Summer Graduate School
|Location:||Stavros Niarchos Foundation Cultural Center, Athens, Greece|
[The image on this vase from Minoan Crete, dated on 1500-2000 BC, resembles an ancient solution to the Curve shortening flow - one of the most basic geometric flows. The vase is at Heraklion Archaeological Museum]
This summer graduate school is a collaboration between MSRI and the FORTH-IACM Institute in Crete. The purpose of the school is to introduce graduate students to some of the most important geometric evolution equations. Information about the location of the summer school can be found here.
This is an area of geometric analysis that lies at the interface of differential geometry and partial differential equations. The lectures will begin with an introduction to nonlinear diffusion equations and continue with classical results on the Ricci Flow, the Mean curvature flow and other fully non-linear extrinsic flows such as the Gauss curvature flow. The lectures will also include geometric applications such as isoperimetric inequalities, topological applications such as the Poincaré onjecture, as well as recent important developments related to the study of singularities and ancient solutions.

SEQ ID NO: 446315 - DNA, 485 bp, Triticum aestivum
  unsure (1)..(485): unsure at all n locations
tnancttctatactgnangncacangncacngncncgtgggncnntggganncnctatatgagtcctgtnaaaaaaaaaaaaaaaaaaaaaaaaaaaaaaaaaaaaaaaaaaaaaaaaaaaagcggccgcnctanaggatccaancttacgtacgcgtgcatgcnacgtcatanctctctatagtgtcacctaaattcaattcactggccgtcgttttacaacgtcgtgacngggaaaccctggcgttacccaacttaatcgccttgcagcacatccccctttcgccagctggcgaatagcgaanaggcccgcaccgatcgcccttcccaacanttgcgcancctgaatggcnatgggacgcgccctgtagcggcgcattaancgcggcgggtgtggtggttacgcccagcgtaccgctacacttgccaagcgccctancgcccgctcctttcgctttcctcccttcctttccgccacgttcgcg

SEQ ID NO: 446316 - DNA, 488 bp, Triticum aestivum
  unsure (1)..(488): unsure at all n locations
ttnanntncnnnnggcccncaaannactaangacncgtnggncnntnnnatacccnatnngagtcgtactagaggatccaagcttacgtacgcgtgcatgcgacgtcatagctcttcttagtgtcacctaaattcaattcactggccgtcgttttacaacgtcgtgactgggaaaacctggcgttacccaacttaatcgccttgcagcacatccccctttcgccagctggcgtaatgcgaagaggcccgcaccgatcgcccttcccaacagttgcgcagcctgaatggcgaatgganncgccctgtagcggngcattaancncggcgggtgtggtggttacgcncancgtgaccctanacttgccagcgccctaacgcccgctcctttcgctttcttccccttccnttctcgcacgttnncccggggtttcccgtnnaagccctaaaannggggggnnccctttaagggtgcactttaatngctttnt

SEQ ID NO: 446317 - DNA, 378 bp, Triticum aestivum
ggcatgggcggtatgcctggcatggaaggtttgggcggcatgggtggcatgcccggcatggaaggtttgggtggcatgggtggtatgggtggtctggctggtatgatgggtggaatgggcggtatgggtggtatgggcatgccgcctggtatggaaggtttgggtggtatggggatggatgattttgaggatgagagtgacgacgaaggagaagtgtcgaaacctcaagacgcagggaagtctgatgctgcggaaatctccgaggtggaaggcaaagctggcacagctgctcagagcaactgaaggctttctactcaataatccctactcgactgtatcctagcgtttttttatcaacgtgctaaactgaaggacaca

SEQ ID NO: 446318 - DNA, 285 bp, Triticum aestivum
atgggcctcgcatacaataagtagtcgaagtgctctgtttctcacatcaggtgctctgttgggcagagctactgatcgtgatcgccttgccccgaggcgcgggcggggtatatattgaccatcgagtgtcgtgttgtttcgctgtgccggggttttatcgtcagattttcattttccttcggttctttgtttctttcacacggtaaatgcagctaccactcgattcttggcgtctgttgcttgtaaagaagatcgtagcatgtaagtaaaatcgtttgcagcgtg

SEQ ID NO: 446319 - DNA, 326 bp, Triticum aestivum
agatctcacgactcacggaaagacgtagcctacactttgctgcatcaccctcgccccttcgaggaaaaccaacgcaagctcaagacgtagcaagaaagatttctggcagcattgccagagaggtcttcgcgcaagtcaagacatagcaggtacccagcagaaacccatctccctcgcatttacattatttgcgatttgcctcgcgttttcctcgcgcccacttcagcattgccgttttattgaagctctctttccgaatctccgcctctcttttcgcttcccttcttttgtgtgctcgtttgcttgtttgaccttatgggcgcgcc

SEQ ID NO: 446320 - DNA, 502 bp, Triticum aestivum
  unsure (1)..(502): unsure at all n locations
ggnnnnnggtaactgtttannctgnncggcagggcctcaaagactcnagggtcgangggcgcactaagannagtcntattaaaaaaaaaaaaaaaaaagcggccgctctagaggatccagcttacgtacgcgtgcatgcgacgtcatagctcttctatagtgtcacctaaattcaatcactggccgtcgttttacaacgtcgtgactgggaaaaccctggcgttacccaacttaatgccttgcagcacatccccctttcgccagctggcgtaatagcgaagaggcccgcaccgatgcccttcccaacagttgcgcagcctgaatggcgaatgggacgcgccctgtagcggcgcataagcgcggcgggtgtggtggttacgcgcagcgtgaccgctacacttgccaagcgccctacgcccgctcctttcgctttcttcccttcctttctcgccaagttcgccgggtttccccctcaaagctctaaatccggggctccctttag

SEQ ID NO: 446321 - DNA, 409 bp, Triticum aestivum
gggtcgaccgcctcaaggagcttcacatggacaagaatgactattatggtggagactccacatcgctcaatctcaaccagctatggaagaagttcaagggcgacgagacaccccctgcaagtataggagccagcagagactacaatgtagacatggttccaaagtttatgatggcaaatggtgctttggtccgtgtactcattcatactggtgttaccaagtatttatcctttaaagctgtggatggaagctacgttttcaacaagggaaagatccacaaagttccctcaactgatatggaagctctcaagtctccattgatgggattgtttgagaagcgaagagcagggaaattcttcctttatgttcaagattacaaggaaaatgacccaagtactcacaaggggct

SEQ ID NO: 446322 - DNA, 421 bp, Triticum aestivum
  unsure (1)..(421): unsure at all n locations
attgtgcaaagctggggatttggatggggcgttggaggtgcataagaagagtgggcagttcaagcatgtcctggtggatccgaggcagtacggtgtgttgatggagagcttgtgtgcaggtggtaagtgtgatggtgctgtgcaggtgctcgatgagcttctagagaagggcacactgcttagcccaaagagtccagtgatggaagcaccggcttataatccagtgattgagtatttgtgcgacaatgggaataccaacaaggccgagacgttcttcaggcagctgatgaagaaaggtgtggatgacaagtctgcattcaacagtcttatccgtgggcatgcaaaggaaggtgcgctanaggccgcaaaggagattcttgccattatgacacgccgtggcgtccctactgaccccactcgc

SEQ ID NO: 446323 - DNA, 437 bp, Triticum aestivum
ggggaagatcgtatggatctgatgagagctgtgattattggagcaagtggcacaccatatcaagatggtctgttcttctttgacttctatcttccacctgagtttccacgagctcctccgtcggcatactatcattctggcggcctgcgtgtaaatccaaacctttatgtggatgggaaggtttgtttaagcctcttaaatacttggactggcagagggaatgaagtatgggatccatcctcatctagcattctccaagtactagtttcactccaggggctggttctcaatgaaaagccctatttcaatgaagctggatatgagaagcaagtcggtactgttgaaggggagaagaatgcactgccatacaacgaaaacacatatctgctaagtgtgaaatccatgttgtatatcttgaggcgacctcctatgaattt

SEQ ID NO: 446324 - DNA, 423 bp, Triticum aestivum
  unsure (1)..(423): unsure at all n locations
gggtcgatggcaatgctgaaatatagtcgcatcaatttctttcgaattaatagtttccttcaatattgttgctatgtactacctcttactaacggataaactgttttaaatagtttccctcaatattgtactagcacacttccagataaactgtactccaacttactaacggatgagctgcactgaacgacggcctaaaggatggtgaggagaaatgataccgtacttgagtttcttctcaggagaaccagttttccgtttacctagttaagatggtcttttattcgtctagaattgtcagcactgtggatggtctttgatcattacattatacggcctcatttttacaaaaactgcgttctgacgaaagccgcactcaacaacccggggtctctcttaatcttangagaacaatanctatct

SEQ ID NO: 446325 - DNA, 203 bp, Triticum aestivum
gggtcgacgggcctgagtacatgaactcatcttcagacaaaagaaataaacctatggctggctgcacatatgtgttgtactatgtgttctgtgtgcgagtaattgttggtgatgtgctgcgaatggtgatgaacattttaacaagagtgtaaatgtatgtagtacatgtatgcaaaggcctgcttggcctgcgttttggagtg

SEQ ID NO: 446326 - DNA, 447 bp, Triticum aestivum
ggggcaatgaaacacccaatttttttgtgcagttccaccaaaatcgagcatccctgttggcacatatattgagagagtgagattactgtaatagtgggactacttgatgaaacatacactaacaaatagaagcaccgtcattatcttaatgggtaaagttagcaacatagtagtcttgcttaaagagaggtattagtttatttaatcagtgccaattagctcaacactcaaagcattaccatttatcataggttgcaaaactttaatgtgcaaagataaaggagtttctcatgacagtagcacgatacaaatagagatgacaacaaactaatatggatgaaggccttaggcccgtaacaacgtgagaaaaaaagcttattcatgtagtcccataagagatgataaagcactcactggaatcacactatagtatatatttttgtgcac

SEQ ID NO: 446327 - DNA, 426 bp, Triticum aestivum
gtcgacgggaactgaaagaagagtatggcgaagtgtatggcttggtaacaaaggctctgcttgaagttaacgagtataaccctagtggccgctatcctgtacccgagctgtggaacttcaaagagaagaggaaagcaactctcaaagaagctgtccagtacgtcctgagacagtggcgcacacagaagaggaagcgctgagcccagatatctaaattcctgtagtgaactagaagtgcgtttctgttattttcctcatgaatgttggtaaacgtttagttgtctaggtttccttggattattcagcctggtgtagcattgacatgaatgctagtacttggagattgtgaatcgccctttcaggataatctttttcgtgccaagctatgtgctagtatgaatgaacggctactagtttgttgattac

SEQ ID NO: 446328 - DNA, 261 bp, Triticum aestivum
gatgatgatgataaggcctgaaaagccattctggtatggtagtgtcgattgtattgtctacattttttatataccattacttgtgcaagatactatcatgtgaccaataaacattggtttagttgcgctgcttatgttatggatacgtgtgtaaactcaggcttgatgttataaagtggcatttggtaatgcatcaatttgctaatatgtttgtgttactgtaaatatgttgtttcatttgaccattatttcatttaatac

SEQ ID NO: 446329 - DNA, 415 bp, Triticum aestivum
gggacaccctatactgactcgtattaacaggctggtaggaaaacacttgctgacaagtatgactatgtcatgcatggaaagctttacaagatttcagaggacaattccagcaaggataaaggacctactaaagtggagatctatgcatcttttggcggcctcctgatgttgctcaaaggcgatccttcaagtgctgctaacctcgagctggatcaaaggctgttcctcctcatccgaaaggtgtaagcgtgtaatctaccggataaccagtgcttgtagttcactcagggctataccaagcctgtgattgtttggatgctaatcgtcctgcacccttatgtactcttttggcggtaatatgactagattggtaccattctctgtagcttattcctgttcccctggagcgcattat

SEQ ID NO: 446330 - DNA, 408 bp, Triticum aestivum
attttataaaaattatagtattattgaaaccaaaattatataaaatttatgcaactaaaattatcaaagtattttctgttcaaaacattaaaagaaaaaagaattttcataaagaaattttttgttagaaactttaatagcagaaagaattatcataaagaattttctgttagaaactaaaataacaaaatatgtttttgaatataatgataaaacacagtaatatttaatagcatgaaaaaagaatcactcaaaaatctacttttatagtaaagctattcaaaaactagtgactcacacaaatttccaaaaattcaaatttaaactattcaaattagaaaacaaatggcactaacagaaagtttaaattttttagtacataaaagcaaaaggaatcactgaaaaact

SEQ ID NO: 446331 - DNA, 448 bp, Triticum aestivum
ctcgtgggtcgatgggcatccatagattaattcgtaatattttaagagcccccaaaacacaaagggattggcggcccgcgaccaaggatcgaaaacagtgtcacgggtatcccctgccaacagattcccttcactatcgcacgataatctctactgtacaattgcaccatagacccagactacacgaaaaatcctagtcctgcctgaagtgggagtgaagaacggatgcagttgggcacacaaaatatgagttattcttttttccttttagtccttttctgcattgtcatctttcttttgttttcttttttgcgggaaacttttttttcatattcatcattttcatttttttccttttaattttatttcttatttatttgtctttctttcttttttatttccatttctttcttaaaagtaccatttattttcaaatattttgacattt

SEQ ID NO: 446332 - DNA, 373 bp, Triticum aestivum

For more information, please see this LINK.
Students are expected to have a basic (advanced undergraduate or beginning graduate) background on elliptic and parabolic partial equations and Classical Riemannian Geometry. More precisely the students are expected to have the following background:
1. A basic course on Partial Differential Equations such as: L.C. Evans, Partial Differential Equations, Chapters 2 and 5-7
2. A basic course on Riemannian Geometry such as: Manfredo do Carmo, Riemannian Geometry, Chapters 1-8 or John Lee, Riemannian Manifolds.
For eligibility and how to apply, see the Summer Graduate Schools homepage
Due to the small number of students supported by MSRI, only one student per institution will be funded by MSRI.
This summer graduate school is supported by the Stavros Niarchos Foundation
parabolic partial differential equations
mean curvature flow